Laurier LifeLink’s Pro-Life display sparks Pro-Choice protest

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Photo by Safina Husein

 

On Oct. 24 and 25, Laurier LifeLink held their annual Pro-Life chalking display on public sidewalks in front of the Lazaridis School of Business and Economics main entrance and in front of the main entrance to the University. 

Laurier LifeLink is a non-sectarian pro-life club dedicated to bringing awareness to core human rights issues such as abortion, and also bringing awareness to local pregnancy resources.  

The display included various Pro-Life facts, slogans and affirmations which were written onto the sidewalk. 

Jonah Vanleeuwen, vice-president of Laurier LifeLink, said that the main goal of the chalk display was to raise awareness in regards to abortion. 

“From my experience I’ve found that a lot of people we talk to don’t know about all the facts or statistics around abortion,” he said. 

“The thing I want to get out of it is to have conversations with people who just had no idea about any of the facts about abortion or the laws that are in Canada against abortion and those kinds of things … that’s a great benefit,” he said. 

The evening prior to the event, on Oct. 24, Laurier’s Students’ Union posted about the event on their Facebook page, informing students about the demonstration.  

“Should you choose to avoid the displays, it is suggested that you take an alternative route/entrance to these locations. Signage will be provided to assist in identifying the locations of these displays,” the post read. 

“Not to deface, not to destruct, but rather to simply add a different perspective so that students know that if they’re experiencing these issues they have another group of people to talk to.”  

The Students’ Union also posted various resources for students who required resources during and after the event, such as the Diversity and Equity Office, Laurier’s Student Wellness Centre, amongst others.  

Ensuing the Students’ Union post informing students of the upcoming event the next morning, students in opposition to the Pro-Life display began to create plans for a peaceful protest. 

The protest consisted of a group of students who voiced their opinions by writing Pro-Choice statements on the same sidewalk to contrast views. 

“No one wants to have an abortion, it’s not something pleasant – we know that. But people have the right to choose. And it’s important that we’re out here and that we make sure that people have gone through this know that they have support and that it’s okay,” Sara Ashtiani, fifth year biology and psychology student at Laurier, said. 

The group of students also stood with signs outside the main entrance of Laurier on University Avenue and Hazel Street. 

“What’s making me glow inside this morning is that we can have this dialogue … It’s a completely respectful interchange of that dialogue which is awesome, I think it says a lot about the school. And so far we’re getting a lot of support from the community,” Eden Hennessey, PhD student in psychology at Laurier, said.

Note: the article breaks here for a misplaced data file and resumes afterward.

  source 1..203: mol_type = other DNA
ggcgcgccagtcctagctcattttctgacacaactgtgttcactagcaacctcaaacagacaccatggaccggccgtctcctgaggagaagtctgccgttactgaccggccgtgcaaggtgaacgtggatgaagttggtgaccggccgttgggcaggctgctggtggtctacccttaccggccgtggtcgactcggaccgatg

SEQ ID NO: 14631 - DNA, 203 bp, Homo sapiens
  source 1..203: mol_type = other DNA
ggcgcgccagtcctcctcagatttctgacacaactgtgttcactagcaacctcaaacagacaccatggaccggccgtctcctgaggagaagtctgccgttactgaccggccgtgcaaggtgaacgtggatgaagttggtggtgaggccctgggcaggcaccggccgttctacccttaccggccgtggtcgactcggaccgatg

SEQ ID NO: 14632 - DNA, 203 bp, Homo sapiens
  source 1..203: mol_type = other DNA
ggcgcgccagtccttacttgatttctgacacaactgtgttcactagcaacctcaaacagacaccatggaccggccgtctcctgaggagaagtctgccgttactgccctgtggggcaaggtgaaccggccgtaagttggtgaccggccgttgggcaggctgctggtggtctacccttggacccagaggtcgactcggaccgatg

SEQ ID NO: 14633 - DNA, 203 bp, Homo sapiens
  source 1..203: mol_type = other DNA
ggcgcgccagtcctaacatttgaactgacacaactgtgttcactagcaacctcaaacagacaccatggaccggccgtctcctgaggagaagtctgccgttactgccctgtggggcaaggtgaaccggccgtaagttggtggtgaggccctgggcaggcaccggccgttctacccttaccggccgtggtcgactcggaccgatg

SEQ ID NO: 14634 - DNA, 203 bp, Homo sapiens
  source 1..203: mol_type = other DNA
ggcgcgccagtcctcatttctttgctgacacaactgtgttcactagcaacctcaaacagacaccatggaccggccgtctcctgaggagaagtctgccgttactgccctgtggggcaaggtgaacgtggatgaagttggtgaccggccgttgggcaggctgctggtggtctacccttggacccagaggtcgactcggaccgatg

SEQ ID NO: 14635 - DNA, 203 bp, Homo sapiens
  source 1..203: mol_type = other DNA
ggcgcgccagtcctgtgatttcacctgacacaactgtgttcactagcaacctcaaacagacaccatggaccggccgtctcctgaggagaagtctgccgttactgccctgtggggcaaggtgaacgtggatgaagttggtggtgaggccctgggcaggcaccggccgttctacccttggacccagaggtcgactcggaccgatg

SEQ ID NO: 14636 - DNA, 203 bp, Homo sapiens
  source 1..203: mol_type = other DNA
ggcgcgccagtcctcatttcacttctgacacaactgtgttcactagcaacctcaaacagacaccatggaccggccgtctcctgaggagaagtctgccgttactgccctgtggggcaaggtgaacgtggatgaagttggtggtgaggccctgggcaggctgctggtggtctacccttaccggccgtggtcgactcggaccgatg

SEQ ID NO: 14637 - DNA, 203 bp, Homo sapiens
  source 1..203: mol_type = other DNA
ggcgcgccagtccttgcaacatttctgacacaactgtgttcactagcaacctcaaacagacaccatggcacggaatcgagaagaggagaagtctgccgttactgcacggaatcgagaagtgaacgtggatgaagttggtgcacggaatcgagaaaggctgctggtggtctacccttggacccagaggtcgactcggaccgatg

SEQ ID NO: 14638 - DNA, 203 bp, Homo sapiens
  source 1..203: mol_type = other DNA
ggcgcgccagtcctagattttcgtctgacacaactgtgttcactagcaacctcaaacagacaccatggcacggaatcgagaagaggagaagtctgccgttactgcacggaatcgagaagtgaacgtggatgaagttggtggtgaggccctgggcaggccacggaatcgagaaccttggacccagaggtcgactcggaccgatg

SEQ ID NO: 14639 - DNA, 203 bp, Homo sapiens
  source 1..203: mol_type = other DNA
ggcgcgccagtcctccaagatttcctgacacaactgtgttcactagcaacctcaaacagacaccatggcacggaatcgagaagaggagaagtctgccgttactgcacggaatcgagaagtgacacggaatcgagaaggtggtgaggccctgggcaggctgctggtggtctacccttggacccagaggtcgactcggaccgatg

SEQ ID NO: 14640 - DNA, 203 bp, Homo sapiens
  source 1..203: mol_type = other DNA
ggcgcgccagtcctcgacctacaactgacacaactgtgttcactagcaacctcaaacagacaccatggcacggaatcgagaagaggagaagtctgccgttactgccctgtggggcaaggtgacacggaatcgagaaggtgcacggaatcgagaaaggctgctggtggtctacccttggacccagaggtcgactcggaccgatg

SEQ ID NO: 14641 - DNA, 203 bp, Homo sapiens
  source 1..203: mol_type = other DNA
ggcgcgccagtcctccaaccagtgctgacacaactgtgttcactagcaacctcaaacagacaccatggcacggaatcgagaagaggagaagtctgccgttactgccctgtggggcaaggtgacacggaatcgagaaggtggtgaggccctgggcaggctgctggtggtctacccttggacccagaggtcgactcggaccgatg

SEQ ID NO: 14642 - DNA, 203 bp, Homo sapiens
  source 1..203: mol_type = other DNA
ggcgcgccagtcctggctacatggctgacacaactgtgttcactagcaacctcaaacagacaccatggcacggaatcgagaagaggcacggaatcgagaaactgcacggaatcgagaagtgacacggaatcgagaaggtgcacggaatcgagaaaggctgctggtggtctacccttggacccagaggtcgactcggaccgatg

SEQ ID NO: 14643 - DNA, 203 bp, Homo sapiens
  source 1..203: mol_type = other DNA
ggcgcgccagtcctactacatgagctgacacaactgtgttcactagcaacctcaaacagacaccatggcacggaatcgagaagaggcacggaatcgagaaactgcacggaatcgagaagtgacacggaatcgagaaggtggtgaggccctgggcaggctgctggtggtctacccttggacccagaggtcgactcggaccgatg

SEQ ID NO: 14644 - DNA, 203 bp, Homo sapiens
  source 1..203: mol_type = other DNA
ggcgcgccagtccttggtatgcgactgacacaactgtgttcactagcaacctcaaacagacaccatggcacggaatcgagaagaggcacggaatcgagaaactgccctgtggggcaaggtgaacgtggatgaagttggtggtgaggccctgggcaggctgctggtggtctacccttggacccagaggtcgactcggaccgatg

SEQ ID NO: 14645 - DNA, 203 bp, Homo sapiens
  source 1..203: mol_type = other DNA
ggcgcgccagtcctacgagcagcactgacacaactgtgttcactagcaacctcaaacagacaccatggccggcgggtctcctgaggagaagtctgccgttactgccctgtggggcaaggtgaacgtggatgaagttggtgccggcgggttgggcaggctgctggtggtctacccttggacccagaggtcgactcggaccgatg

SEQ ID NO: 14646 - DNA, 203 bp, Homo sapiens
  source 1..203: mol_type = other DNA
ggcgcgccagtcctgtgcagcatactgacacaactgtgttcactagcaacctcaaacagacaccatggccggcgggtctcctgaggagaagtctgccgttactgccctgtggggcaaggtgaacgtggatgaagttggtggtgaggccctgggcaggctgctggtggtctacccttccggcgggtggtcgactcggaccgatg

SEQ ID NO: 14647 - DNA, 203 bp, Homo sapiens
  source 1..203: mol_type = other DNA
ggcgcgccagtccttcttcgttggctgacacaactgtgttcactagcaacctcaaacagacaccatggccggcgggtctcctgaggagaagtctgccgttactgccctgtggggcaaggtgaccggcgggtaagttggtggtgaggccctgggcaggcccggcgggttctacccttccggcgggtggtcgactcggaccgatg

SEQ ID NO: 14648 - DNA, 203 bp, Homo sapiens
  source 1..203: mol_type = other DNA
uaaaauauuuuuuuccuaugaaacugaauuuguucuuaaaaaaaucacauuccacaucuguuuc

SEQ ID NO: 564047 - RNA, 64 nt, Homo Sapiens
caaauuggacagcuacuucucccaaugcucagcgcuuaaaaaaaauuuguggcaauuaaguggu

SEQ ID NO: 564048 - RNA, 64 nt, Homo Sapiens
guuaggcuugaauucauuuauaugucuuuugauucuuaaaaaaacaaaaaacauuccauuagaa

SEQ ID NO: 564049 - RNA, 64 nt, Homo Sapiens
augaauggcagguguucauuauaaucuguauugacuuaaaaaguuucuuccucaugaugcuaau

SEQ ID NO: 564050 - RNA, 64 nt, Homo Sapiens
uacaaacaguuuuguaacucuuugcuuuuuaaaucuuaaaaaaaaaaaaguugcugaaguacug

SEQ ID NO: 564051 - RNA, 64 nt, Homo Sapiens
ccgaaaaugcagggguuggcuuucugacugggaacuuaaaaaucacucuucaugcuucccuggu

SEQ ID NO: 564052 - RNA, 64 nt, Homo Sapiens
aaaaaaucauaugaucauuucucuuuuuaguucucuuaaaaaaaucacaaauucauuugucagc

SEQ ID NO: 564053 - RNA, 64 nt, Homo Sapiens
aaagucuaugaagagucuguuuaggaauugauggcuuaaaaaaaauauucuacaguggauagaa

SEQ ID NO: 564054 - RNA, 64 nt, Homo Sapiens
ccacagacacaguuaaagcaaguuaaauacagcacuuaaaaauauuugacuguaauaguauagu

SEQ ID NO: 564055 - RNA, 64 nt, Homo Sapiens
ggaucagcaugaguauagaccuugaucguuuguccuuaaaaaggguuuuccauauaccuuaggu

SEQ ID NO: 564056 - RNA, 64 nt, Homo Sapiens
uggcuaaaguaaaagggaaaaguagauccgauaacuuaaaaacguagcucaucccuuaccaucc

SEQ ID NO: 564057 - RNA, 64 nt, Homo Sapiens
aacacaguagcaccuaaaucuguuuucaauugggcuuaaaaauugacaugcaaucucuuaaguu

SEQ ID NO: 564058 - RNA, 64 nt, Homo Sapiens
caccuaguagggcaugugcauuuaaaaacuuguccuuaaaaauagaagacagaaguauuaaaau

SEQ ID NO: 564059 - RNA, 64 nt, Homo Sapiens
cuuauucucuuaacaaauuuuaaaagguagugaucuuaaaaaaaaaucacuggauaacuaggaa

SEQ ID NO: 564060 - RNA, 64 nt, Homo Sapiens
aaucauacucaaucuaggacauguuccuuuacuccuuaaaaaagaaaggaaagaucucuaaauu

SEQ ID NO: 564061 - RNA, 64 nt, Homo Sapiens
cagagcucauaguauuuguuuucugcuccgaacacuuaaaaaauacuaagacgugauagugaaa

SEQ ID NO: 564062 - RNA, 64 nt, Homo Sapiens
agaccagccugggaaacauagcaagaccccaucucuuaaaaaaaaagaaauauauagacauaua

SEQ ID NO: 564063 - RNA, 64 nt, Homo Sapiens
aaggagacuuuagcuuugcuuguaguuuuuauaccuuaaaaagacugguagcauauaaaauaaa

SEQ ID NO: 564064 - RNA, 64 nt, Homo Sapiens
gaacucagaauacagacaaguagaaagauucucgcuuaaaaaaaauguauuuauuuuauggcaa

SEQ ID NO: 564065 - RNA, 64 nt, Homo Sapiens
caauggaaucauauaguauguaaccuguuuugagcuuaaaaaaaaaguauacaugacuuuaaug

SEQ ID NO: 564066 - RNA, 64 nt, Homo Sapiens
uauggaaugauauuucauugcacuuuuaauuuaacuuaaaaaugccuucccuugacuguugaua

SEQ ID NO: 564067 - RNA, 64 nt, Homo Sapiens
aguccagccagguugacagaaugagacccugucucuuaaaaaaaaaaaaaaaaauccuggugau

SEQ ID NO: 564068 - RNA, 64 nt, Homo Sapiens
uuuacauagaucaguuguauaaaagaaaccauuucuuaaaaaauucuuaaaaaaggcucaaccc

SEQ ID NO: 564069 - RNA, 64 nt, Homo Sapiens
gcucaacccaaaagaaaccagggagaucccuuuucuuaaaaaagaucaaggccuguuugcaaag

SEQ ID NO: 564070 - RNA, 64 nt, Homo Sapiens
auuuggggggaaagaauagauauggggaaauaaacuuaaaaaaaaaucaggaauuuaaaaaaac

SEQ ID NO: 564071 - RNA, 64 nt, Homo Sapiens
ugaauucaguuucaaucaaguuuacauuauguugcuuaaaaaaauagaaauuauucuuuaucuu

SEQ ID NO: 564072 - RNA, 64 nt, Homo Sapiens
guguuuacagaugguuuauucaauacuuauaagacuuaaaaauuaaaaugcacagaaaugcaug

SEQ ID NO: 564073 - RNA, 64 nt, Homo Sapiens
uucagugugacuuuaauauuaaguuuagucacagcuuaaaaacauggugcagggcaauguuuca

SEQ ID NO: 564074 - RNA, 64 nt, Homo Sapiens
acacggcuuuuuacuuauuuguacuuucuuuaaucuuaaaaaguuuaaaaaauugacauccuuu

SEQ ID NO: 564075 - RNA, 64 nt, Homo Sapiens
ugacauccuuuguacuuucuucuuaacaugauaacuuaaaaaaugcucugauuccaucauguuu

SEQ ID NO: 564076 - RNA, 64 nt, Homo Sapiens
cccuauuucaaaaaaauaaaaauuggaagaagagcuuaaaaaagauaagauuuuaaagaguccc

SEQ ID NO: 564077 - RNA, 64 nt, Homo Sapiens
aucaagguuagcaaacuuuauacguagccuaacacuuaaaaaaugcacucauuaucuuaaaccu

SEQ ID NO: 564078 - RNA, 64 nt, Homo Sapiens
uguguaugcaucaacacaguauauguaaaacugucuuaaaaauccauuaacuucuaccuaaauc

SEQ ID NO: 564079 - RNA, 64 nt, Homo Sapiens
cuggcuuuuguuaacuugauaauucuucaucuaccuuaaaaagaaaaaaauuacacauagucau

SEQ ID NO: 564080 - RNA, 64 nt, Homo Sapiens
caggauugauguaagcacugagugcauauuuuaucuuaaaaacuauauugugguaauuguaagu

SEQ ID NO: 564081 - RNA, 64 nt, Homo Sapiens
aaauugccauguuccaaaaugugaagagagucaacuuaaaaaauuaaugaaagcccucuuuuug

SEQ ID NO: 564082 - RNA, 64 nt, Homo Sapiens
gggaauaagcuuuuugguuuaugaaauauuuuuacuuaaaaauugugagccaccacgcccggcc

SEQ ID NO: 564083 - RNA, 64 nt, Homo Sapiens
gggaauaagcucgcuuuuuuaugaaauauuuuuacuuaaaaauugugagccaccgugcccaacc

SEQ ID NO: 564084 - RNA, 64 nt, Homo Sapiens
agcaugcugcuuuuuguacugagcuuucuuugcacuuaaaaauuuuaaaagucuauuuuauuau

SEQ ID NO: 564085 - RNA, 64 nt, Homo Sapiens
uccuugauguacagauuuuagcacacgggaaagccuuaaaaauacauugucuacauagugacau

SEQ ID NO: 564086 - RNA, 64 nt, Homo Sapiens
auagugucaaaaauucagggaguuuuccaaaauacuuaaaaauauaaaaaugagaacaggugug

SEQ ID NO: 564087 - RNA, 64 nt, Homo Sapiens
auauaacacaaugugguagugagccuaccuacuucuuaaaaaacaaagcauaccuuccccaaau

“We feel that our views are supported we feel supported as women and as advocates for reproductive rights, we feel like we’re doing our piece.”  

Vanleeuwen said, however, that LifeLink welcomes the peaceful protestors and appreciates their perspective. 

“It’s a very sensitive subject. It’s really important that we try and cater to that so we’re not offending anyone. The last thing we want to do is shame women or harm women or any of those kinds of things,” Vanleeuwen said. 

In order to ensure that the statements written would avoid harm to other students, Laurier LifeLink met with the Students’ Union. 

“We made sure all of our facts and slogans were worded in order to reduce harm and we’ve done all that,” Vanleeuwen said. 

Members of Laurier LifeLink were also posted outside during the event. The purpose of the postings, said Vanleeuwen, was to ensure that students are aware of the reasoning behind the display. 

“It’s important for Laurier students to be aware that there is a diversity of opinions around reproductive issues — so that’s really why we’re here,” Hennessy said.   

“Not to deface, not to destruct, but rather to simply add a different perspective so that students know that if they’re experiencing these issues they have another group of people to talk to.”  

In response to the event, Kanwar Brar, president of Students’ Union released a statement regarding the conflicting views on campus: 

“While the Students’ Union may not agree with Laurier LifeLink’s stance, we support their right to express it. That being said, we feel this does not give us the grounds to shut down a club or a person if they are engaging in a civil conversation. More so, it sets the precedent that we can shut down other clubs or members who want to have a conversation regarding conflicting views in a courteous manner, if we don’t agree with them,” the statement read.  

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